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Atomic layer deposition-based functionalization of materials for medical and environmental health applications.

Narayan RJ, Adiga SP, Pellin MJ, Curtiss LA, Hryn AJ, Stafslien S, Chisholm B, Shih CC, Shih CM, Lin SJ, Su YY, Jin C, Zhang J, Monteiro-Riviere NA, Elam JW - Philos Trans A Math Phys Eng Sci (2010)

Bottom Line: In addition, films deposited by means of atomic layer deposition may impart improved biological functionality to nanoporous alumina membranes.PEGylated nanoporous alumina membranes were prepared by self-assembly of 1-mercaptoundec-11-yl hexa(ethylene glycol) on platinum-coated nanoporous alumina membranes.The results of this work indicate that nanoporous alumina membranes may be modified using atomic layer deposition for use in a variety of medical and environmental health applications.

View Article: PubMed Central - PubMed

Affiliation: Joint Department of Biomedical Engineering, University of North Carolina and North Carolina State University, 2147 Burlington Engineering Labs, Raleigh, NC 27695-7115, USA. roger_narayan@msn.com

ABSTRACT
Nanoporous alumina membranes exhibit high pore densities, well-controlled and uniform pore sizes, as well as straight pores. Owing to these unusual properties, nanoporous alumina membranes are currently being considered for use in implantable sensor membranes and water purification membranes. Atomic layer deposition is a thin-film growth process that may be used to modify the pore size in a nanoporous alumina membrane while retaining a narrow pore distribution. In addition, films deposited by means of atomic layer deposition may impart improved biological functionality to nanoporous alumina membranes. In this study, zinc oxide coatings and platinum coatings were deposited on nanoporous alumina membranes by means of atomic layer deposition. PEGylated nanoporous alumina membranes were prepared by self-assembly of 1-mercaptoundec-11-yl hexa(ethylene glycol) on platinum-coated nanoporous alumina membranes. The pores of the PEGylated nanoporous alumina membranes remained free of fouling after exposure to human platelet-rich plasma; protein adsorption, fibrin networks and platelet aggregation were not observed on the coated membrane surface. Zinc oxide-coated nanoporous alumina membranes demonstrated activity against two waterborne pathogens, Escherichia coli and Staphylococcus aureus. The results of this work indicate that nanoporous alumina membranes may be modified using atomic layer deposition for use in a variety of medical and environmental health applications.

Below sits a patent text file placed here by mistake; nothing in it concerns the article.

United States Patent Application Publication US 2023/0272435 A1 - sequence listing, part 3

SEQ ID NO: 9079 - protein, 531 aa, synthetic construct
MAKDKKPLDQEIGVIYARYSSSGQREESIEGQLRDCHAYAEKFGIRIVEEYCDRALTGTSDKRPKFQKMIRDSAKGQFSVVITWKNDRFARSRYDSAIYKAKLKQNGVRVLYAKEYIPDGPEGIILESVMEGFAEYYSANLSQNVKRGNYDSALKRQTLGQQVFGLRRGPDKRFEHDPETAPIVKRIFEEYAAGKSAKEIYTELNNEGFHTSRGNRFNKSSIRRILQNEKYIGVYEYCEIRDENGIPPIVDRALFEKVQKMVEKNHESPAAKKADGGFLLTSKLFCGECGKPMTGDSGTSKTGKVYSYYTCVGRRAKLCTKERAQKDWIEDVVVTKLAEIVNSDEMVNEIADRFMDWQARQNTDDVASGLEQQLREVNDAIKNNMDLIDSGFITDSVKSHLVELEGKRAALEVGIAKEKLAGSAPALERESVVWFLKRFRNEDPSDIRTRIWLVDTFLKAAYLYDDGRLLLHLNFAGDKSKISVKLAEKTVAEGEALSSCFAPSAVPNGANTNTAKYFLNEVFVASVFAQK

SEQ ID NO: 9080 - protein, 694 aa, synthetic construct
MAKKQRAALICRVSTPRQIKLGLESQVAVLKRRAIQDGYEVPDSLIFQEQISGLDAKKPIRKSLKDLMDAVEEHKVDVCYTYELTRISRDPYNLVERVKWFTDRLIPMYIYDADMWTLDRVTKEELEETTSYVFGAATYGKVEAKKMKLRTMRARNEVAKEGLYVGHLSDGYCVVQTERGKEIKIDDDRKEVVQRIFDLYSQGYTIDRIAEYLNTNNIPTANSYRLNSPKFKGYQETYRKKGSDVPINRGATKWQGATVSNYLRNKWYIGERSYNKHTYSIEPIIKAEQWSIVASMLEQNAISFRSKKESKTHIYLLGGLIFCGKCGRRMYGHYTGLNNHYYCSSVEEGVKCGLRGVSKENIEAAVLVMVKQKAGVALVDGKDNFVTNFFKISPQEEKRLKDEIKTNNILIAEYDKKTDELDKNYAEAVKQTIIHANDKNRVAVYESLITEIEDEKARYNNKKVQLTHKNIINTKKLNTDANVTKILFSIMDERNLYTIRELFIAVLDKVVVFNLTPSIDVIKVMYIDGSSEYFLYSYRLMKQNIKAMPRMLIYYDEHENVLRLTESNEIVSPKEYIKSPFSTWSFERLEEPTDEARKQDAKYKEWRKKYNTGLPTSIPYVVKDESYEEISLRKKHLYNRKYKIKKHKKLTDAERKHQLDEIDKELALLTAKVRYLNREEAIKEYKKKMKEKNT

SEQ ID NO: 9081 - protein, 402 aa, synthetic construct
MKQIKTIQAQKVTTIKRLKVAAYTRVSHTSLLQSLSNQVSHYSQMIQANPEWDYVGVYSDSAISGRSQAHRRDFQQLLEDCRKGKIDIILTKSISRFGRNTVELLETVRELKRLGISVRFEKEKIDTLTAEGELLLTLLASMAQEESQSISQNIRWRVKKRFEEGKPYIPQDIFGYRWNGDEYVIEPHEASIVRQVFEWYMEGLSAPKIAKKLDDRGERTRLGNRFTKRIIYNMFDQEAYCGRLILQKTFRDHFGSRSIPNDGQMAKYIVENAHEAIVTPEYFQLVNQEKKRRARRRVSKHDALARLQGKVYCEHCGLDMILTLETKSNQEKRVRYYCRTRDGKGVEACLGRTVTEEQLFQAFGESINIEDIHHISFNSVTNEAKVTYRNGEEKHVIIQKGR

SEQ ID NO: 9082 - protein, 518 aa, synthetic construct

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(a) Cross-sectional scanning electron micrograph obtained from a cleaved specimen of a nanoporous alumina membrane following atomic layer deposition of an 8 nm platinum coating. (b) High-resolution scanning electron micrograph at the middle of the pore shows a partially continuous platinum coating. (c) High-resolution scanning electron micrograph near the large pore edge shows a continuous platinum coating.
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RSTA20100011F2: (a) Cross-sectional scanning electron micrograph obtained from a cleaved specimen of a nanoporous alumina membrane following atomic layer deposition of an 8 nm platinum coating. (b) High-resolution scanning electron micrograph at the middle of the pore shows a partially continuous platinum coating. (c) High-resolution scanning electron micrograph near the large pore edge shows a continuous platinum coating.

Mentions: Figure 1a shows a plan-view scanning electron micrograph of a 20 nm pore size nanoporous alumina membrane following atomic layer deposition of an 8 nm platinum coating, which was obtained from the large pore side of the membrane. Figure 1b shows a plan-view scanning electron micrograph of a nanoporous alumina membrane following atomic layer deposition of an 8 nm platinum coating; the image was obtained from the small pore side of the membrane. These figures demonstrate that the nanoporous alumina membrane coated with platinum using atomic layer deposition exhibited a monodisperse pore size and high porosity. Figure 2 shows a cross-sectional scanning electron micrograph obtained from a cleaved 20 nm pore size nanoporous alumina membrane following atomic layer deposition of an 8 nm thick platinum coating. The coating is continuous near the ends of the pore (figure 2b); fairly uniform contrast was noted. Images obtained from near the small pore side of the platinum-coated nanoporous alumina membrane (data not shown) have a similar appearance. Figure 2c indicates that the platinum coating is partially continuous at the middle of the pore; uncoated regions of the nanoporous alumina membrane were observed. In order to evaluate the continuity of the platinum coating, electrical resistance through the nanoporous alumina membrane was determined using a digital ohmmeter; measurements were obtained by pressing the platinum-coated nanoporous alumina membrane between conductive metal plates. The resistance of the platinum-coated nanoporous alumina membranes was approximately 1Ω; in comparison, an immeasurably high resistance (greater than 20 MΩ) was obtained for the uncoated nanoporous alumina membranes. This result indicates that the platinum coating is partially continuous in nature. Figure 3 shows a high-resolution scanning electron micrograph obtained at the middle of the pore, which shows the island structure of the partially continuous platinum coating; platinum coatings prepared using atomic layer deposition typically consist of agglomerated platinum nanoparticles.